California Royalties Law May not Survive Appeal
PASADENA, Calif. (CN) - The 9th Circuit seems inclined to strike down a law that allows artists to collect resale royalties when their works appear anywhere from Sotheby's to eBay.
A three-judge panel met Tuesday in consideration of the cases brought in 2011 by group of artists clamoring for 5 percent royalties due to them under the California Resale Royalties Act.
Parties to the lawsuit included painter and photographer Chuck Close, 73, known for his massive-scale photorealist portraits; artist Laddie John Dill; heirs of California sculptor Robert Graham; and the foundation for painter and printmaker Sam Francis.
U.S. District Judge Jacqueline Nguyen ruled for eBay, Sotheby's and Christie's in 2012, striking down the royalties law as violating the commerce clause of the U.S. Constitution.
Because the Resale Royalties Act effectively controlled commerce outside California, affecting businesses incorporated in New York, Nguyen said the law could not survive its "offending provisions," even if other parts of the statute were lawful.
"Were the court to merely to sever the extraterritorial provisions of the statute, it would create a law that the legislature clearly never intended to create," Nguyen wrote.
Eric George, an attorney for the artists with the Los Angeles firm Browne George Ross, urged the appellate court Tuesday to find the statute constitutional.
If a California resident sells a piece of art in another part of the country, state law trumps the commerce clause, George said.
Judge Ferdinand Fernandez seemed dubious.
"The artist is outside the state, the buyer's outside state, the property's outside the state," Fernandez said. "The only nexus is residency in California. And I think you're saying that's sufficient to take care of any interstate commerce question. As long as the resident is in California, you can do anything you want."
Fernandez was likewise skeptical of the idea that California could collect the 5 percent royalty as a tax or "levy" from an out-of-state business.
"It's only a tax in somebody's dreams," Fernandez quipped.
George pushed back.
"The defendants here have a California presence," George told the panel. "When an out-of-state company has a presence in California - as Sotheby's does here, as Christie's does here - they are subjected to California's law."
George said Nguyen's refusal to uphold the severability provision of the royalties law was a "clear error." Even if stripped of provisions that regulate sales outside of California, the statute should stand, the attorney argued.
"There can be no question that the Legislature saw to it that, if part of the statute was deemed unenforceable, that the Legislature still wanted the law to apply," George added.
Judge Mary Murguia asked, "Aren't there harmful effects to the state's art market?"
Citing the severance clause, George insisted that the Legislature decided that issue.
"It still wanted to have the effect of promoting the arts, and doing so even if it meant a cost for those being in California, and selling their art in California - of having to transfer that 5 percent levy," he added.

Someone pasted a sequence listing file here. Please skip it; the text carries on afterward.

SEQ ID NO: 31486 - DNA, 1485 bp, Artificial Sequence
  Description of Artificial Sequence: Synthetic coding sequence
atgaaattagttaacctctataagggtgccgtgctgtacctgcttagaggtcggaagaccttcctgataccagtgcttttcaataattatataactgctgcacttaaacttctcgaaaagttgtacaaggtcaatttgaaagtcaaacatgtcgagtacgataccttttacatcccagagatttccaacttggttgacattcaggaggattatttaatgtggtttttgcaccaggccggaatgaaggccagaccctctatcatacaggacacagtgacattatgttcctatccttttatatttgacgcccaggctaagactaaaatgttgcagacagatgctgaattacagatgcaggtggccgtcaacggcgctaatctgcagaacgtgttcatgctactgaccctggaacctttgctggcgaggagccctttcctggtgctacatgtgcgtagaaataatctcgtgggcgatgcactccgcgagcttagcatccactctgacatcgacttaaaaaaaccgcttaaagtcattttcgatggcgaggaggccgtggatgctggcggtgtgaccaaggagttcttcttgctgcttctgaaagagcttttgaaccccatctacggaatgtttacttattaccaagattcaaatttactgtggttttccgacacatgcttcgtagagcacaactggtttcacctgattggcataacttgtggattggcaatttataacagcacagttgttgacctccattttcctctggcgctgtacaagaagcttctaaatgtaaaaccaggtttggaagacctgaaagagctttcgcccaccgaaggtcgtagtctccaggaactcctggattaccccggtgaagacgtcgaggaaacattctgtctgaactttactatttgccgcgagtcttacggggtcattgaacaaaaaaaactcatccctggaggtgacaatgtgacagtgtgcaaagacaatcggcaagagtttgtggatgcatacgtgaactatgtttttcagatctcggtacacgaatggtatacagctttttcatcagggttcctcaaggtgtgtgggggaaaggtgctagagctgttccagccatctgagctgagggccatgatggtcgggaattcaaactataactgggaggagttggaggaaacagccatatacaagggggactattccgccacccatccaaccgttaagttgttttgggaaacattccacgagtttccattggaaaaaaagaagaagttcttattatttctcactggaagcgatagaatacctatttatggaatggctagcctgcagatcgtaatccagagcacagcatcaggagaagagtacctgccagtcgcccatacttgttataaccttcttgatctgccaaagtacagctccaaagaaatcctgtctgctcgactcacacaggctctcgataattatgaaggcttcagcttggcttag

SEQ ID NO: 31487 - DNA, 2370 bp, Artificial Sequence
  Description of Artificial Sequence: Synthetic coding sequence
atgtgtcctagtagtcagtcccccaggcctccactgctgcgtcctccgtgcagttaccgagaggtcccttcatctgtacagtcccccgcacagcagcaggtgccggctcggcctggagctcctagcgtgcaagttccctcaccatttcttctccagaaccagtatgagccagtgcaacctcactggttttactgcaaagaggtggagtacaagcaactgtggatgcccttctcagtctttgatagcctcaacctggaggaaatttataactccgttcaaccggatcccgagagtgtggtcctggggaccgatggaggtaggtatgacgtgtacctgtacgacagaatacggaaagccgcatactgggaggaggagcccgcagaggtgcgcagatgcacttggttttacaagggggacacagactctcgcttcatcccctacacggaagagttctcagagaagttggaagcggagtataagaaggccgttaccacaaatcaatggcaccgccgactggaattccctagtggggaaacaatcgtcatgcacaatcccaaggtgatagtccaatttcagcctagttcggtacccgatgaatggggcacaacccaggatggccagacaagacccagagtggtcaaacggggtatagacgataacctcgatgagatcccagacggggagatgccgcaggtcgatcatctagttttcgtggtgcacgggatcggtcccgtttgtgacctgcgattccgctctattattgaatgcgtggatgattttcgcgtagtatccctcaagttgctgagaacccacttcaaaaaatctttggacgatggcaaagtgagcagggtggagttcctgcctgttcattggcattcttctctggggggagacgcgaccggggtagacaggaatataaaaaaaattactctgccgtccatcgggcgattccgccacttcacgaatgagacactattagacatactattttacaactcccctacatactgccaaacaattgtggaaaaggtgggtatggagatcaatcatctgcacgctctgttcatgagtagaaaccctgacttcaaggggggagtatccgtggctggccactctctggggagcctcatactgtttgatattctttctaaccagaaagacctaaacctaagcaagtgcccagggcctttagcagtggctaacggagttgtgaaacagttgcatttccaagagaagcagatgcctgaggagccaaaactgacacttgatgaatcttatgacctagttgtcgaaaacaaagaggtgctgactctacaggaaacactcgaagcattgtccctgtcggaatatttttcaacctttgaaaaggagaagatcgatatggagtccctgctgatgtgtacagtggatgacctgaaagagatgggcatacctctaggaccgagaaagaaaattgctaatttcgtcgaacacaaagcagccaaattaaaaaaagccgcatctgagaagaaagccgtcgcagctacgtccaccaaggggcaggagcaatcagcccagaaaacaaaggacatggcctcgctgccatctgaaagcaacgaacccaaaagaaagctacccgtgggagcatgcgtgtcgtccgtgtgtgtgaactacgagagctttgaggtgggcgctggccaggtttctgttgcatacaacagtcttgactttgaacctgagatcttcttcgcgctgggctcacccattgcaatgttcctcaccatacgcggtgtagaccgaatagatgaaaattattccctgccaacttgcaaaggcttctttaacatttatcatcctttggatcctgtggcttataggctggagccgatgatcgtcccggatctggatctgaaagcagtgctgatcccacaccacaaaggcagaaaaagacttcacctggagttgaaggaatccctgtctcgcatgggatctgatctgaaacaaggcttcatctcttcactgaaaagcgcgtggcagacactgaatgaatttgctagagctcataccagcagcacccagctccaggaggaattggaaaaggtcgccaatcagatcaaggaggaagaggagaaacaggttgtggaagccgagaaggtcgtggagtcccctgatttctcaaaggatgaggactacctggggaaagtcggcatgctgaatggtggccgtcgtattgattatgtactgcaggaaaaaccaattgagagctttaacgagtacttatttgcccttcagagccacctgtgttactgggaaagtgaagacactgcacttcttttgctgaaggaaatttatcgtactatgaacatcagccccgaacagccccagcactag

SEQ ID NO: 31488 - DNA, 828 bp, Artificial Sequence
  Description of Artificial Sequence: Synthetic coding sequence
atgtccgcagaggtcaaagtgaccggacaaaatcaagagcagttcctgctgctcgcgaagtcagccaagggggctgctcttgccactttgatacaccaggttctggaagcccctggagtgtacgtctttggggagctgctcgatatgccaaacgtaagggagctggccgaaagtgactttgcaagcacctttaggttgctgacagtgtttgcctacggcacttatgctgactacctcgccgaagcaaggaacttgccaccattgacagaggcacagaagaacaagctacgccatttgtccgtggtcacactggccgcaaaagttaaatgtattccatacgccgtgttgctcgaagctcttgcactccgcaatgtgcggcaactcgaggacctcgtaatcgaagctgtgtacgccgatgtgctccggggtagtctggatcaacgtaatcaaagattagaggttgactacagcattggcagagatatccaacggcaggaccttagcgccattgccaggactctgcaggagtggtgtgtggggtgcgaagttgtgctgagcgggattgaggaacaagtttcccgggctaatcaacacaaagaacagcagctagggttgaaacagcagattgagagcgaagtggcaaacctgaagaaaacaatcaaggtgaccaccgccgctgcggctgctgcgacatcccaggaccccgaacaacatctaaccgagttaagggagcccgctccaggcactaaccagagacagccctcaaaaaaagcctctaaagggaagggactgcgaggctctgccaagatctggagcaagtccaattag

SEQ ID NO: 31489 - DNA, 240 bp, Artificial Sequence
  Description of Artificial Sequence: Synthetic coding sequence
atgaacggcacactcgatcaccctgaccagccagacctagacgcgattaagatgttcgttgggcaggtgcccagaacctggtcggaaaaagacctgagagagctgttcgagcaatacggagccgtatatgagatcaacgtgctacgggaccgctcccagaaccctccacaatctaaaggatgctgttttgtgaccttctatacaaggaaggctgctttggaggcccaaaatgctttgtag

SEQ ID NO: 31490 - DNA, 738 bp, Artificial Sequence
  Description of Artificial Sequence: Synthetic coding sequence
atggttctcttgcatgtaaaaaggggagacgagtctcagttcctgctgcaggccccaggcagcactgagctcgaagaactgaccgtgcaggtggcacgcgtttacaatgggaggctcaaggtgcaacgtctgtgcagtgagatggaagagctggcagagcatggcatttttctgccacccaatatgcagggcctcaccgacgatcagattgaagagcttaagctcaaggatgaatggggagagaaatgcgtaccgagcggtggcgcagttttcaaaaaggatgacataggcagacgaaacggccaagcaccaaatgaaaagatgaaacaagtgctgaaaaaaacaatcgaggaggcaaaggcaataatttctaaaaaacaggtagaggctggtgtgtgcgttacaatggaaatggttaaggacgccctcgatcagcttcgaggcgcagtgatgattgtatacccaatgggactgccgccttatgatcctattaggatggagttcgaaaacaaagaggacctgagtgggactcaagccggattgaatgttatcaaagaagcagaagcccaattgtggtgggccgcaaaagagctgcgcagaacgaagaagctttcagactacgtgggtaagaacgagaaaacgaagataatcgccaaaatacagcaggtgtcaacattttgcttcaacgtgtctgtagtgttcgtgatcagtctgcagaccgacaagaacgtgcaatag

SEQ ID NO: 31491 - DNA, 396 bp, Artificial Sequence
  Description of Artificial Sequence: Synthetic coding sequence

Smelling the blood in the water, Sotheby's attorney urged the panel to affirm.
"The court understands that this statute directly regulates transactions outside of California" and, "as the district judge found, clearly violates the commerce clause," said Steven Reiss of Weil, Gotshal & Manges.
It would be just as unrealistic for California to collect sales tax from a resident who buys cigarettes in Nevada, the Los Angeles-based attorney said.
"California could impose a use tax on bringing those cigarettes back to California," Reiss riffed. "But it can't regulate transactions, or sales or activities outside of California."
Christie's attorney John Russell handled the severability portion of the argument. He told the court California's lawmakers did not intend to craft a law that applied only to art sales in the state.
"They understood that the art market would collapse," said Russell of L.A. firm Skadden, Arps, Slate, Meagher & Flom. "No one is going to sell to a Californian in any way, shape, or form if it is clear it only has to occur in California. Why would you do that? You could avoid that royalty every time. So, it makes no sense."
During rebuttal, George urged the court not to break away from precedent.
"An affirmance of this statute would expand the law where it has never gone before," George said. "There is no dormant commerce clause case that strikes down a statute that wasn't discriminatory and didn't involve price-fixing."
Earlier in the hearing, eBay attorney John Dwyer of Palo Alto firm Cooley told the court that his client should have been dismissed from the case because the Resale Royalties Act never applied to the retailer.
As he said in his brief: "First, eBay is not a seller of fine art. It does not own the items bought and sold on its website, it never takes possession of them, and it has no ability to transfer title to those items. Further, courts have repeatedly and consistently held that eBay is not a seller under California law."
At the hearing, Dwyer said eBay is more "analogous to the Los Angeles Times classified section."
Judge Randy Smith sat with Judge Fernandez and Judge Murguia on the panel.